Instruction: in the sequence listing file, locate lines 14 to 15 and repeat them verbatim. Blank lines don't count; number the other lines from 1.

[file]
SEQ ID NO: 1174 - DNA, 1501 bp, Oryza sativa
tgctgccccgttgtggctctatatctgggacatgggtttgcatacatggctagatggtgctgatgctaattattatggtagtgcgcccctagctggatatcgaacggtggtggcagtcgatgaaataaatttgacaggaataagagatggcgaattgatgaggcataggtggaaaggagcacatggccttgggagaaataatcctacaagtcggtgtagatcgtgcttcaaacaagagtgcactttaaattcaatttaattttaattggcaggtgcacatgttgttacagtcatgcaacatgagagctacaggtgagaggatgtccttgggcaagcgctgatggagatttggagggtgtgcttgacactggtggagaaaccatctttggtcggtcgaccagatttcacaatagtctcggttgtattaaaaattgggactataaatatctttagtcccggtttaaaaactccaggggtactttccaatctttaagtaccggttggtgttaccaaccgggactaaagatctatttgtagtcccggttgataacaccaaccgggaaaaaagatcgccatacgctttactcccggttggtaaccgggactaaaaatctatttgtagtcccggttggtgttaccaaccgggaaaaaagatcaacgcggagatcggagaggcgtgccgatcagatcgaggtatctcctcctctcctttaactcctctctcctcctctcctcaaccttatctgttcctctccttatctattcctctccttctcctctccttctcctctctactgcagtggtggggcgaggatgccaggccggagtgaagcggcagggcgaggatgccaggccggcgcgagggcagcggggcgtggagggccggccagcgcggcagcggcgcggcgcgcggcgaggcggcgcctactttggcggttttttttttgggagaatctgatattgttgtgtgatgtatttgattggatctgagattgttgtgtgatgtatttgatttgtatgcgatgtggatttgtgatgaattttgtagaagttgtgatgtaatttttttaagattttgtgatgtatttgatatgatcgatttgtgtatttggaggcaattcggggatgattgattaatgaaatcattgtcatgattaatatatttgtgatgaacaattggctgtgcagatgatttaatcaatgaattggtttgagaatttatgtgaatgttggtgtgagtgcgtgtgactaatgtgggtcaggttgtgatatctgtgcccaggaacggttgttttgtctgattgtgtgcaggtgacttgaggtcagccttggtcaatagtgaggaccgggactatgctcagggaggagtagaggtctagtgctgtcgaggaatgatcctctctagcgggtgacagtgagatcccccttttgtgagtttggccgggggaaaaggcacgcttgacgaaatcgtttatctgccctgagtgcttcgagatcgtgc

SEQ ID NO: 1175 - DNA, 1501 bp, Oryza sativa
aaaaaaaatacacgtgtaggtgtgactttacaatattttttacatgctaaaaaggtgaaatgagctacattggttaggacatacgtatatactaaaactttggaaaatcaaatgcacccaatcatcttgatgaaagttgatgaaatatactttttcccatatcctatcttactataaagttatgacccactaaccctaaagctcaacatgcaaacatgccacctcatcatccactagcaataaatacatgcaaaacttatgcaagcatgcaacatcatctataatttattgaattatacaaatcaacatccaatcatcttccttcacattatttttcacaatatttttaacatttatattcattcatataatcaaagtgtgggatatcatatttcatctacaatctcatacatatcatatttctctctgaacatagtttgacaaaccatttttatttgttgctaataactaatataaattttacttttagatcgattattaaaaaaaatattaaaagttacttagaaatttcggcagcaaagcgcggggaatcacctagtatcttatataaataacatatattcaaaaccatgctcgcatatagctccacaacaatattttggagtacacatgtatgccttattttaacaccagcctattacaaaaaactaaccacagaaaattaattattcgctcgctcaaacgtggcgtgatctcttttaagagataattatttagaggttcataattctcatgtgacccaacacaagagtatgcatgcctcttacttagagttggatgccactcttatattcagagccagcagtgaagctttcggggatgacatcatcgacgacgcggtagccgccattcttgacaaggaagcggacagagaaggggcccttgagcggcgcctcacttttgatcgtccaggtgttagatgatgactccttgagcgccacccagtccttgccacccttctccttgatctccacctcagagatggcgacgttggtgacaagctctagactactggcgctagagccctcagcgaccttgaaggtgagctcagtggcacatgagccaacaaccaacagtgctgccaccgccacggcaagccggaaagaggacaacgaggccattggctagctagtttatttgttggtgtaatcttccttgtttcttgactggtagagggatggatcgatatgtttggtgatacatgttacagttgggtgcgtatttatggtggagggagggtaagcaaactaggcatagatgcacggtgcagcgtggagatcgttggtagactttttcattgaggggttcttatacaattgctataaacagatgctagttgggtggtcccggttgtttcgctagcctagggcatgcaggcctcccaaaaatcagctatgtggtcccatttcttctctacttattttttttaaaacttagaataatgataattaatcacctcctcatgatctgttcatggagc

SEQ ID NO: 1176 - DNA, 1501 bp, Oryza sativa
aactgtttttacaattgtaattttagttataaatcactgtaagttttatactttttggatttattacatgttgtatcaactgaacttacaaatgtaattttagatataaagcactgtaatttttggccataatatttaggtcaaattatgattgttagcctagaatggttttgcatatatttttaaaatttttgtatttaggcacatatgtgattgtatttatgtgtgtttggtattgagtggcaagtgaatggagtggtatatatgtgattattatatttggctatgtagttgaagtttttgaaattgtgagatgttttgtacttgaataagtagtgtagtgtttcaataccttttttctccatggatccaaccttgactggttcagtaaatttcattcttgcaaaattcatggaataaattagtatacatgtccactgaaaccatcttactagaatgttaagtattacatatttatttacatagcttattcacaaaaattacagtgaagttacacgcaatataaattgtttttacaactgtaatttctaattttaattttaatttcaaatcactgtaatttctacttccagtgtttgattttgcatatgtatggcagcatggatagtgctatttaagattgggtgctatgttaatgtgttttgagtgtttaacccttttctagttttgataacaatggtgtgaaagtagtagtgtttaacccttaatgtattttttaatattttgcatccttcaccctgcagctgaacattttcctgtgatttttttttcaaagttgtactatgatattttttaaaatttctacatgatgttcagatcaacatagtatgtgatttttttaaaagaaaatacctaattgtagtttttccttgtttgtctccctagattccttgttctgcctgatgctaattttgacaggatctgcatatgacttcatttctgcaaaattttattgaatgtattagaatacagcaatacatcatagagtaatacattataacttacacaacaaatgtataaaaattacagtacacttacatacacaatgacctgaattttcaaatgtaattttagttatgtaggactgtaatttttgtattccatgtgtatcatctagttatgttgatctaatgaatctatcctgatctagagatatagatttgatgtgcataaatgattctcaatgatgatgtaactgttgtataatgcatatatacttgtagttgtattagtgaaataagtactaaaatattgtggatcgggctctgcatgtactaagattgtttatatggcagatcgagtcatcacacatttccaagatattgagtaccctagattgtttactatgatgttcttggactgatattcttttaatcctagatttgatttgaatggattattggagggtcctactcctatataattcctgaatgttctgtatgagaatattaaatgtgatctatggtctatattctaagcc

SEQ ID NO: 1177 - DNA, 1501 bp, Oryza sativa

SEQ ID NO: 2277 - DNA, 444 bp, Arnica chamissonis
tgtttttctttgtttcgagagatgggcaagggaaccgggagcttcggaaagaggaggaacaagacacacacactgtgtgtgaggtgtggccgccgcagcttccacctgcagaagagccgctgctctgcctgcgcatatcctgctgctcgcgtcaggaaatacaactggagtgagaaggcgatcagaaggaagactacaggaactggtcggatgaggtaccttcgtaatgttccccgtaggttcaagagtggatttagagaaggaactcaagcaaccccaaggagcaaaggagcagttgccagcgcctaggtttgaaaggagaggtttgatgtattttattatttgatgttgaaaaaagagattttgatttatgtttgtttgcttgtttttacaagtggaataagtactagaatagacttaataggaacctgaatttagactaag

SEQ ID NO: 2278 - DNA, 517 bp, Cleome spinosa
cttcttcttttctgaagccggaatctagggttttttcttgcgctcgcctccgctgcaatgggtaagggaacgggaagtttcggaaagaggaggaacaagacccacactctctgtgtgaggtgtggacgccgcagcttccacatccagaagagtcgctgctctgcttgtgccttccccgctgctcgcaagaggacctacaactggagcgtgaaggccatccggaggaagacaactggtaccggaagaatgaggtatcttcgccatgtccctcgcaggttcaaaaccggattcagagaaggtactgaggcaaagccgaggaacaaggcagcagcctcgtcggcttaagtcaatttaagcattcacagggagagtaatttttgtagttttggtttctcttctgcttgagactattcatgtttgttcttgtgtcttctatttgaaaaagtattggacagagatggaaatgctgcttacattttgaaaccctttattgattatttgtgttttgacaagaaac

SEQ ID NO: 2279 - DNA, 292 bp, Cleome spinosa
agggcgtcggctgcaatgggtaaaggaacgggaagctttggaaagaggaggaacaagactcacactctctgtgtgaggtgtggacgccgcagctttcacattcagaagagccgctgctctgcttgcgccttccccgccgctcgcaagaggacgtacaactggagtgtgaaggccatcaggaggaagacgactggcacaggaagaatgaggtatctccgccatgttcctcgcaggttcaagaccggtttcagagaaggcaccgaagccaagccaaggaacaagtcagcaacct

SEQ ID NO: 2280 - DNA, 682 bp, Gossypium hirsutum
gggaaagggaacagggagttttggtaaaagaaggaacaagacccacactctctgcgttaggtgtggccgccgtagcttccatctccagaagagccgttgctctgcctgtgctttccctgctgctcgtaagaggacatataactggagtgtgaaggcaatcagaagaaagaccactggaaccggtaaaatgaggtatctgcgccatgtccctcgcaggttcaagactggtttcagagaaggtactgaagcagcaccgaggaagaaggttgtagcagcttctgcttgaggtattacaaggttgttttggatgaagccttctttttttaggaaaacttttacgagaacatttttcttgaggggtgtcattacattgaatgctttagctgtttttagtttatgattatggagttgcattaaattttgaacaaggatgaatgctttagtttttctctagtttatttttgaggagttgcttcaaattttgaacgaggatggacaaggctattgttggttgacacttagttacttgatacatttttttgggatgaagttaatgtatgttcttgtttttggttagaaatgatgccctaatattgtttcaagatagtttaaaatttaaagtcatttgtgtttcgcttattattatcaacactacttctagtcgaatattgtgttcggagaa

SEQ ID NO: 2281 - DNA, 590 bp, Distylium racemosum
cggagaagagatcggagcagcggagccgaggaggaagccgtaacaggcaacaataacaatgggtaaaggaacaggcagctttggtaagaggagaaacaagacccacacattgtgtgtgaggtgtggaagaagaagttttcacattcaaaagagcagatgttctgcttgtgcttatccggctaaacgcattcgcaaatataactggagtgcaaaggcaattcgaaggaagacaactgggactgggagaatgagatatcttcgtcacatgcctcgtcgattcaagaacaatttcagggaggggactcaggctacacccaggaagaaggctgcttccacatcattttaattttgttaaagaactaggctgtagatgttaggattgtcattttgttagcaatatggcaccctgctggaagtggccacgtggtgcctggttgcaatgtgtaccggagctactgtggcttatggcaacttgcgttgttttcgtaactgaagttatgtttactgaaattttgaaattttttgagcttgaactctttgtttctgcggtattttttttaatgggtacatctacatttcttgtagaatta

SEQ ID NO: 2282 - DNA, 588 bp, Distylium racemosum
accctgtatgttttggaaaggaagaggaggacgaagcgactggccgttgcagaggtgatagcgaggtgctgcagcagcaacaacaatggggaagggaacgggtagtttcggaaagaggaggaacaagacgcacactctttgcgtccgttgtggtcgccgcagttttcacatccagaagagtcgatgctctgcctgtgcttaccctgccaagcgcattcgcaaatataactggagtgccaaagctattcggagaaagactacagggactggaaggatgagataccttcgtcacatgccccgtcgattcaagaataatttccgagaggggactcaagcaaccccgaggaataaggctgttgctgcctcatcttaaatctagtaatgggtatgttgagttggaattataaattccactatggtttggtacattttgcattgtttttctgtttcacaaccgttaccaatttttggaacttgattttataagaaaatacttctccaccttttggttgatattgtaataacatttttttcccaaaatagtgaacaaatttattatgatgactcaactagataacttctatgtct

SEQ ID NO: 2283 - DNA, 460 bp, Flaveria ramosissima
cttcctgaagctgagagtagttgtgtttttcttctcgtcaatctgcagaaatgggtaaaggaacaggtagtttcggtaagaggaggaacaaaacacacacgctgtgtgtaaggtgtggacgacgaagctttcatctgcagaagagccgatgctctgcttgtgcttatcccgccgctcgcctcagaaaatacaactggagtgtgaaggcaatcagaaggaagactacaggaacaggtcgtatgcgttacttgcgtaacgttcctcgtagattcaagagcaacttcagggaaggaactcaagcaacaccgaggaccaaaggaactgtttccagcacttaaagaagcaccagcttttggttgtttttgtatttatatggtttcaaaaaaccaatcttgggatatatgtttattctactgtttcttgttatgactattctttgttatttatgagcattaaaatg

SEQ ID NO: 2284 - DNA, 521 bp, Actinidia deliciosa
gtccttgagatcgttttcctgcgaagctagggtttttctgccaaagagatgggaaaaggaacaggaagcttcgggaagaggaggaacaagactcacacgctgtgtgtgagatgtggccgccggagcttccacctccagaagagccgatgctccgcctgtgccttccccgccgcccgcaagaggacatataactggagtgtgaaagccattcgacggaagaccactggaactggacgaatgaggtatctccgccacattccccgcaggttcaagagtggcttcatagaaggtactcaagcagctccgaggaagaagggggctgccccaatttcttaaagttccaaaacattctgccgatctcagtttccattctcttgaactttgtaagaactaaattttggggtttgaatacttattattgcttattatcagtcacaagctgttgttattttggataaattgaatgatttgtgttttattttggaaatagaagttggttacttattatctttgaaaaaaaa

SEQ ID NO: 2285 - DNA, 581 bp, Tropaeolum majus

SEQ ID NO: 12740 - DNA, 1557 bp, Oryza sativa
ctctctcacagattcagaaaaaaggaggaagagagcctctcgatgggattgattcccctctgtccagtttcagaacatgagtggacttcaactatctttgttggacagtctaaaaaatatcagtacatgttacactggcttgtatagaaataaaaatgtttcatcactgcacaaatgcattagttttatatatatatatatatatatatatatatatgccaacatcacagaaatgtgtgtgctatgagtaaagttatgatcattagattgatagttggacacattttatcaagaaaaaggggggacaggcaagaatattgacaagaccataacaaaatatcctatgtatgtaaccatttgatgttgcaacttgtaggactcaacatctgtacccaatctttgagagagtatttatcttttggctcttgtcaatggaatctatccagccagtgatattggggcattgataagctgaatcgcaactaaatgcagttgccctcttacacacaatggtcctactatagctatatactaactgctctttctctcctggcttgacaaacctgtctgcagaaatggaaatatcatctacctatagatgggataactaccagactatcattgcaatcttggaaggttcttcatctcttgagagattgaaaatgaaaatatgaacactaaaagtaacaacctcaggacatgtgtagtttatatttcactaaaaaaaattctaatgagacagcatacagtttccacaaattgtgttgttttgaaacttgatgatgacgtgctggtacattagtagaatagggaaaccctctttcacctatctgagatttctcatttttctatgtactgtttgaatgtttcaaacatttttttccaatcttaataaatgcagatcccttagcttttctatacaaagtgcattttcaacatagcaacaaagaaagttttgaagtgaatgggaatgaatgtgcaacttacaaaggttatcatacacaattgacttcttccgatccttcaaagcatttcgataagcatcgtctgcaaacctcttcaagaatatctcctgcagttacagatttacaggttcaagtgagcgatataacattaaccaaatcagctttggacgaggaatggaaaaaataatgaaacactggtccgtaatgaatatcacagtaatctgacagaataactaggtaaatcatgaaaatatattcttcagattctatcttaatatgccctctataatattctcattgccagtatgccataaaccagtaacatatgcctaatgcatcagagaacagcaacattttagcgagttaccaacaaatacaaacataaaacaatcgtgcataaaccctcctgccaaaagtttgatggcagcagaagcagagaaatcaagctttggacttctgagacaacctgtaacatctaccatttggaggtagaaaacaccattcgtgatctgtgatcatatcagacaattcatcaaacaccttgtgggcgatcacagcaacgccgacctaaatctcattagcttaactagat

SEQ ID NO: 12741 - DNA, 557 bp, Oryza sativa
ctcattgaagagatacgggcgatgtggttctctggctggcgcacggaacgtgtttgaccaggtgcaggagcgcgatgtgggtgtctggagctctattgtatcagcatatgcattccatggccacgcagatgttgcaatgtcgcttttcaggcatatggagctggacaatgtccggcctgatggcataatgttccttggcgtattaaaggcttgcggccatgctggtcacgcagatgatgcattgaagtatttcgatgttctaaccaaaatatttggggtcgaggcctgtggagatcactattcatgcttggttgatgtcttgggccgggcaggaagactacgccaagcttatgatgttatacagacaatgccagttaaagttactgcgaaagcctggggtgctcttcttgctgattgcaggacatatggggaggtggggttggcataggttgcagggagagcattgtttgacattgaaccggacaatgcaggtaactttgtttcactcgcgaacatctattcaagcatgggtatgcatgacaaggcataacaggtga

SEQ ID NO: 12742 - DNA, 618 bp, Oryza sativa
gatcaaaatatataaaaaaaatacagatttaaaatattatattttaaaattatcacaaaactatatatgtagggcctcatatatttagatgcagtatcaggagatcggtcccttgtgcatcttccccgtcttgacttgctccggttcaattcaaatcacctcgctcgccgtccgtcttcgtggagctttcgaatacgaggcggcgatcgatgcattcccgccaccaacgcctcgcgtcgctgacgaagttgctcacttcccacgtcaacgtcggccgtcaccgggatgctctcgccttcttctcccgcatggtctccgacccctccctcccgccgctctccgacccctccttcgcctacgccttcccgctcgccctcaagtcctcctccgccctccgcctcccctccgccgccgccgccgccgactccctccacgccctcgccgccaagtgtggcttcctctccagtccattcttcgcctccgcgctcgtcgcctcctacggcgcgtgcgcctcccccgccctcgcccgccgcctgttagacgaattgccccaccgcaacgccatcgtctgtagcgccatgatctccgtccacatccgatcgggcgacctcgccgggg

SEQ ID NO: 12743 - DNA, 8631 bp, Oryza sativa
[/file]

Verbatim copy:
SEQ ID NO: 2280 - DNA, 682 bp, Gossypium hirsutum
gggaaagggaacagggagttttggtaaaagaaggaacaagacccacactctctgcgttaggtgtggccgccgtagcttccatctccagaagagccgttgctctgcctgtgctttccctgctgctcgtaagaggacatataactggagtgtgaaggcaatcagaagaaagaccactggaaccggtaaaatgaggtatctgcgccatgtccctcgcaggttcaagactggtttcagagaaggtactgaagcagcaccgaggaagaaggttgtagcagcttctgcttgaggtattacaaggttgttttggatgaagccttctttttttaggaaaacttttacgagaacatttttcttgaggggtgtcattacattgaatgctttagctgtttttagtttatgattatggagttgcattaaattttgaacaaggatgaatgctttagtttttctctagtttatttttgaggagttgcttcaaattttgaacgaggatggacaaggctattgttggttgacacttagttacttgatacatttttttgggatgaagttaatgtatgttcttgtttttggttagaaatgatgccctaatattgtttcaagatagtttaaaatttaaagtcatttgtgtttcgcttattattatcaacactacttctagtcgaatattgtgttcggagaa